Inmates at The Mount prison in Bovingdon will be putting their IT skills to use to help disadvantaged communities access cheap computers.
Prisoners will take part in the Computers4all scheme, which aims to refurbish and upgrade old computers and then offer them to charities and education projects at low prices.
Selected inmates will be given training to "build, configure and troubleshoot PCs to a high quality." The training will ensure that inmates can repair both the hardware and software of old computers.
HMP The Mount will host the first workshop in the scheme. The workshop will initially involve eight prisoners and is expected to increase if the project grows.
Steve Bradford, the governor at HMP The Mount said: "We are delighted to have launched the first Computers4All refurbishment centre here. This is a scheme that looks set to bring huge benefits for prisoners participating in the training. Prisoners do not have access to the Internet or internal computer systems.
"However, this IT course will provide training in skills and disciplines that will have a real value for them as they re-enter the workplace. Ultimately the end result is that we are providing high quality equipment that can help disadvantaged groups in society who might otherwise be excluded from having computers and being able to access the internet."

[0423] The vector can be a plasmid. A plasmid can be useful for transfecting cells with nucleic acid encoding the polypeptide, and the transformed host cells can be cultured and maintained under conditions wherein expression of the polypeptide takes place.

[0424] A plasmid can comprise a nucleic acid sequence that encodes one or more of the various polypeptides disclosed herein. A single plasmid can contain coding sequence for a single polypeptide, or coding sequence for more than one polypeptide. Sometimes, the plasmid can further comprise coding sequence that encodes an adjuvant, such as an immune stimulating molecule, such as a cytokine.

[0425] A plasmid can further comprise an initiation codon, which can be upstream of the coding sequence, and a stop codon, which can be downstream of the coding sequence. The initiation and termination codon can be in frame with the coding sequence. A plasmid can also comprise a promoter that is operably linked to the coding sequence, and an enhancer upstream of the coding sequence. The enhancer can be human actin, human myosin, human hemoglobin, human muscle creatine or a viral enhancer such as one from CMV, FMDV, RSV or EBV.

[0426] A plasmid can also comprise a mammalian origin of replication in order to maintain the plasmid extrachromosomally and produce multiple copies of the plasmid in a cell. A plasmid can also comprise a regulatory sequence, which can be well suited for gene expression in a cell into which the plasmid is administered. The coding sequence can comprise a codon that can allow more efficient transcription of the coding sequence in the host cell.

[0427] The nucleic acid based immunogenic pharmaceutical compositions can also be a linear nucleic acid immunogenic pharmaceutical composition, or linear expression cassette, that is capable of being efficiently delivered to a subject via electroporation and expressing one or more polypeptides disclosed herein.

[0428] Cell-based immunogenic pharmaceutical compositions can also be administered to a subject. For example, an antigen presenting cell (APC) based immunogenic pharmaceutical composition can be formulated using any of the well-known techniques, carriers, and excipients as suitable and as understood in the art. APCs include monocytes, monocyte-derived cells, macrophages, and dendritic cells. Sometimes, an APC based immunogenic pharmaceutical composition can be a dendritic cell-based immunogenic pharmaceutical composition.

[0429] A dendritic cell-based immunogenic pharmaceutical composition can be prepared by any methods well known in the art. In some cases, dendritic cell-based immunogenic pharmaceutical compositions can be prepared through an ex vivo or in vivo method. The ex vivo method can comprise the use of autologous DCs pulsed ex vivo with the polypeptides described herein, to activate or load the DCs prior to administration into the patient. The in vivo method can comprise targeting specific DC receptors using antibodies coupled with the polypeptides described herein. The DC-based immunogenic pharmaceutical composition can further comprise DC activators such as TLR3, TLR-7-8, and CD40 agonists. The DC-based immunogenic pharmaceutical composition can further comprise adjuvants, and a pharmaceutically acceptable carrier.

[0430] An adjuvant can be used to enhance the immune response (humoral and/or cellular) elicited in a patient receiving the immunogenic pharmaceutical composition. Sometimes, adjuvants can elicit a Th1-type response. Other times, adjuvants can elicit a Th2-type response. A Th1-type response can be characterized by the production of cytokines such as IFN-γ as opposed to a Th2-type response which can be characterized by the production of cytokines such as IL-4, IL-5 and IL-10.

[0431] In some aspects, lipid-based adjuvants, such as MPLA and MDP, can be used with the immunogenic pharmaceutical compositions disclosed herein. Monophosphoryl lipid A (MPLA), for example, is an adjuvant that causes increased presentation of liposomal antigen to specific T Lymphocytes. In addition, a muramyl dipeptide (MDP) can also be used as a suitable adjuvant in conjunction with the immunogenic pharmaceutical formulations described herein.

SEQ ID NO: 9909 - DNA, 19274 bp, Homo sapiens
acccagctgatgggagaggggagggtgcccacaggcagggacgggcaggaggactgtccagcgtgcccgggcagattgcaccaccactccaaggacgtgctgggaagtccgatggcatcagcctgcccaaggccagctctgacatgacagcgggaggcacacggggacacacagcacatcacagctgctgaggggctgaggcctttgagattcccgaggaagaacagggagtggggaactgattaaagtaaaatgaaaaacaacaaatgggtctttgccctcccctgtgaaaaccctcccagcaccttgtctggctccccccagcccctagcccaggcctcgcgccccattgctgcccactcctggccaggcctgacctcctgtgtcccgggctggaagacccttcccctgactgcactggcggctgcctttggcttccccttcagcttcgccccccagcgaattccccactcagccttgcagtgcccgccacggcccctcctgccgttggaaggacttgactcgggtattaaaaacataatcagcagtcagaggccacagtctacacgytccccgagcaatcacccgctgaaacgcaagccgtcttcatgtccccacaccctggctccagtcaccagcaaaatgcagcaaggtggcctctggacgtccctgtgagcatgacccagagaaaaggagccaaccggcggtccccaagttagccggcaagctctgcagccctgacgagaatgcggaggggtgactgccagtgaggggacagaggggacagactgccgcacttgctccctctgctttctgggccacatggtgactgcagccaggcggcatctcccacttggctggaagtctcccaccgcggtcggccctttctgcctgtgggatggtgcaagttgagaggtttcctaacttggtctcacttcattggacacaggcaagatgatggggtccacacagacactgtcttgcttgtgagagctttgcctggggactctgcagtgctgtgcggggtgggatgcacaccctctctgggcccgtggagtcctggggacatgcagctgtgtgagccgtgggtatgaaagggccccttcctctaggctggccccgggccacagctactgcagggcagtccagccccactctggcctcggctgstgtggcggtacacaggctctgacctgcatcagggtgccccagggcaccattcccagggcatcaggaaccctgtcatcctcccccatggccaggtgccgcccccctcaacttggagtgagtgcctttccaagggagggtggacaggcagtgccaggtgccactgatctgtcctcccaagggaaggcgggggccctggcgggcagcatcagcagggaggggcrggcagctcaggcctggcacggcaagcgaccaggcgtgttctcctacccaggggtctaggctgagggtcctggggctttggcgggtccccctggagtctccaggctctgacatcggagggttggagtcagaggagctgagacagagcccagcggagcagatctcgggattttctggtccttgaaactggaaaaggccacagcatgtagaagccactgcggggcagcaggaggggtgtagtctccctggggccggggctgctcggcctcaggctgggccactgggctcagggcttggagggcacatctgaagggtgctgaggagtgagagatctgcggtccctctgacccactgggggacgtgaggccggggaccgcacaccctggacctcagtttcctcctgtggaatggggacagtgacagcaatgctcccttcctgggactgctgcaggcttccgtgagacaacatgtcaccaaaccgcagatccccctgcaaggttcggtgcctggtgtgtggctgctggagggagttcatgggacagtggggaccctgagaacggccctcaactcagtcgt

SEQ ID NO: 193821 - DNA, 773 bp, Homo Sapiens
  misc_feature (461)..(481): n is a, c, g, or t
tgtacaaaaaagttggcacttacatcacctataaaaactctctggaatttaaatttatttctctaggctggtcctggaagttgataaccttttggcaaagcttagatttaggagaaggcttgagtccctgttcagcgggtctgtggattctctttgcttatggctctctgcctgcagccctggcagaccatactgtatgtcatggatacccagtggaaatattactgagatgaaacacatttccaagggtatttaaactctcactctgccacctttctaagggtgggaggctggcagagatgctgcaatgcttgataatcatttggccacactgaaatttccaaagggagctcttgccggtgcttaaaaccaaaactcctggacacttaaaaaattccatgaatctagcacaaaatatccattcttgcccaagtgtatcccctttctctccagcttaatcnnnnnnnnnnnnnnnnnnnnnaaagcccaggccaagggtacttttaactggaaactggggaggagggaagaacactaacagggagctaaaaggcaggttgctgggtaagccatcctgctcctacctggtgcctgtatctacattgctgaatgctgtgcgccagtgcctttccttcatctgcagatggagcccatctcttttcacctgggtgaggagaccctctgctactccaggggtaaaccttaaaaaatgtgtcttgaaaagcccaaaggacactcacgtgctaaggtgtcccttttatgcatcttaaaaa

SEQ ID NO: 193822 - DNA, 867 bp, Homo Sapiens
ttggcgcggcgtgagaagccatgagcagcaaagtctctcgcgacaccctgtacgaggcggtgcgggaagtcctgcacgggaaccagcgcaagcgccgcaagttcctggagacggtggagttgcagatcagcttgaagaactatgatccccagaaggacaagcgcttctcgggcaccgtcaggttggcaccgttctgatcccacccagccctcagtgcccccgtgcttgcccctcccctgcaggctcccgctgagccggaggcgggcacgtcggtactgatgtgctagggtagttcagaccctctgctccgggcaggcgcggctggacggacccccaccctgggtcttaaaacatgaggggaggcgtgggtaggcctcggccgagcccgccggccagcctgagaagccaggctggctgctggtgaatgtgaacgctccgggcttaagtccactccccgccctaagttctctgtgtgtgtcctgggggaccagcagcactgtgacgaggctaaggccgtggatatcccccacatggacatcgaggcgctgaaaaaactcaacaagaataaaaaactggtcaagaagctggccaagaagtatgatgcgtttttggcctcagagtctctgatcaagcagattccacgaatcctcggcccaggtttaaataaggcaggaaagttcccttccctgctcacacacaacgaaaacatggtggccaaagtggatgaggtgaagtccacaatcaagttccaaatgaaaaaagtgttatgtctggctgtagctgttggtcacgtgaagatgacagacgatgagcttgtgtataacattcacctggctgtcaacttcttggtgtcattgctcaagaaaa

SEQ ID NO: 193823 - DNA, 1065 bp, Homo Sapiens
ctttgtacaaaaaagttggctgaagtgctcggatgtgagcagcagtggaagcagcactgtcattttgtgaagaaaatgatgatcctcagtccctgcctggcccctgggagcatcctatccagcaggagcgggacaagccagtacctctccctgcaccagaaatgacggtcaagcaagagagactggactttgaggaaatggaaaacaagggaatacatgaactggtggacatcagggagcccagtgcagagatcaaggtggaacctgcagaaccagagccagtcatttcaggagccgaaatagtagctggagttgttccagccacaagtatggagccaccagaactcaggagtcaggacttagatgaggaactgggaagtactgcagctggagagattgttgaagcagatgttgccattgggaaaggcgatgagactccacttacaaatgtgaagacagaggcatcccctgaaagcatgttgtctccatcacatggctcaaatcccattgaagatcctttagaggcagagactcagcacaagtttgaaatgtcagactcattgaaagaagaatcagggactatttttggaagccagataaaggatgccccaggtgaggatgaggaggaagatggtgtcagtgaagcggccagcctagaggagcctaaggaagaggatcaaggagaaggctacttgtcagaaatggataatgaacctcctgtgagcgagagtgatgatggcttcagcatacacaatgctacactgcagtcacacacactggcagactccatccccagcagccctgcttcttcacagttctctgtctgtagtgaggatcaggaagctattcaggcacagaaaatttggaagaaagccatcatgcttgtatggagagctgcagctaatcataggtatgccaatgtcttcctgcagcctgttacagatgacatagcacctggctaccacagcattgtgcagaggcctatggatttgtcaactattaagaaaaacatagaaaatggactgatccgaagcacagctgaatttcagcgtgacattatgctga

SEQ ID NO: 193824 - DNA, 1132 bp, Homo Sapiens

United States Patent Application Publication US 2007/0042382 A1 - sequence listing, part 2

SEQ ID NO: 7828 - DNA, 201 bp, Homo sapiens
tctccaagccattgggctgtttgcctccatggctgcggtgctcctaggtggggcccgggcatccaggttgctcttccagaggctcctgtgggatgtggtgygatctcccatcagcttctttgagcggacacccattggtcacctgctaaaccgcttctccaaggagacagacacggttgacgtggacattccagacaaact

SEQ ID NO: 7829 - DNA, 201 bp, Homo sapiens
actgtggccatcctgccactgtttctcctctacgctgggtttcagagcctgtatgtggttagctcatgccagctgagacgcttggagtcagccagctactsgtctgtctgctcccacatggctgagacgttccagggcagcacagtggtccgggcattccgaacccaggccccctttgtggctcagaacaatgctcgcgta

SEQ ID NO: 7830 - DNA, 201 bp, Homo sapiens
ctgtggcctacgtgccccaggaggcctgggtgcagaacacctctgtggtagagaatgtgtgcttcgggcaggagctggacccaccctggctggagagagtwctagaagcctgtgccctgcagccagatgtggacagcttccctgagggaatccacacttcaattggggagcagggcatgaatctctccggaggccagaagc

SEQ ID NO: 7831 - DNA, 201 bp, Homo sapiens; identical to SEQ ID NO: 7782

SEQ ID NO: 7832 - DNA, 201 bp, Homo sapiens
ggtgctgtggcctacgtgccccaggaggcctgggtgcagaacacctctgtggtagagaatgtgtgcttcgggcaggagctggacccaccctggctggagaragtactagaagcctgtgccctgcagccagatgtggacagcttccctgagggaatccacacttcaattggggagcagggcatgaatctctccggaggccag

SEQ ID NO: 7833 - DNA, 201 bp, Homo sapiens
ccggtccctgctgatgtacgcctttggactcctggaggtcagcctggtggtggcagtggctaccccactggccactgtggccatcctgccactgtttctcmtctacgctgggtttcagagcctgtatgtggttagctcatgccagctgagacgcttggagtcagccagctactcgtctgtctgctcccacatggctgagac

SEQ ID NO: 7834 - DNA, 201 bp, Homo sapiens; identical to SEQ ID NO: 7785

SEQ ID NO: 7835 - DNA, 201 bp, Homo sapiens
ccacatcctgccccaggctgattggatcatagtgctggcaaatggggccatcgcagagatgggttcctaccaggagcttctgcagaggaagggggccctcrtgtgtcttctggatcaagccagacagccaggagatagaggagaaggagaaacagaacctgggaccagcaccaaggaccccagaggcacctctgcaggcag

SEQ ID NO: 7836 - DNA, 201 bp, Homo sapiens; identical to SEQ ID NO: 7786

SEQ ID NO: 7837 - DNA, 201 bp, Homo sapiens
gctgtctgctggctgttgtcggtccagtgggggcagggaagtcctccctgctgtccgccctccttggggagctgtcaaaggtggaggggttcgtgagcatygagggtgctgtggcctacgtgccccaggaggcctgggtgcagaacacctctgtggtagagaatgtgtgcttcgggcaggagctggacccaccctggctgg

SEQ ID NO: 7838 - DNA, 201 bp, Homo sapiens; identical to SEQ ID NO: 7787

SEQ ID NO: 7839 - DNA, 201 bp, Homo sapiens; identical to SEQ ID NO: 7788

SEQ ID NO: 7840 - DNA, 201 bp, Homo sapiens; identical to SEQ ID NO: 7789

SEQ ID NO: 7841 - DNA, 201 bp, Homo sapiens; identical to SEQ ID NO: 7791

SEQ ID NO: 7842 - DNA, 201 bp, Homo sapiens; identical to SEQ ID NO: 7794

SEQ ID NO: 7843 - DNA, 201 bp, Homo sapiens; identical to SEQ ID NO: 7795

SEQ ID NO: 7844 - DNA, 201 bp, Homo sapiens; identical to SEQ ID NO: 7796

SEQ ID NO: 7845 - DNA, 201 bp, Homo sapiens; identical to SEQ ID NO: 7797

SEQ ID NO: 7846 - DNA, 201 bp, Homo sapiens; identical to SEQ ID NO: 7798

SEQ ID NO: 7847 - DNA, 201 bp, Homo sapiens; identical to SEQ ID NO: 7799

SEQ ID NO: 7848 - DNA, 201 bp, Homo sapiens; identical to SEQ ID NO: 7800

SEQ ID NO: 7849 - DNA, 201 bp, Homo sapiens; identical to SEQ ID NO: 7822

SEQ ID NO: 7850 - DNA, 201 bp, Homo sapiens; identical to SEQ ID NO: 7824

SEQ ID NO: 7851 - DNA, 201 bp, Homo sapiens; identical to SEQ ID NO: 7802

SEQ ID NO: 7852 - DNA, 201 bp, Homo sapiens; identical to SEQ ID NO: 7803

The prisoners involved will receive an industry-standard qualification in IT after completing the training course. Organisers believe the project will also provide inmates with valuable skills that can help them find employment after release.
The charity Langdon, which offers support, education and employment opportunities for people with learning difficulties, will be the first organisation to work with the computers repaired at The Mount and will manage their sales through an online store.
Mark Abrahams, CEO of Computers4All said: "The refurbishment of old computer equipment offers environmental and social benefits as equipment that would otherwise be 'retired' or disposed of can be put to good use again. Around 126,000 tonnes of IT equipment is simply dumped in landfill sites annually; anything we can do to reduce this waste can bring dividends all round."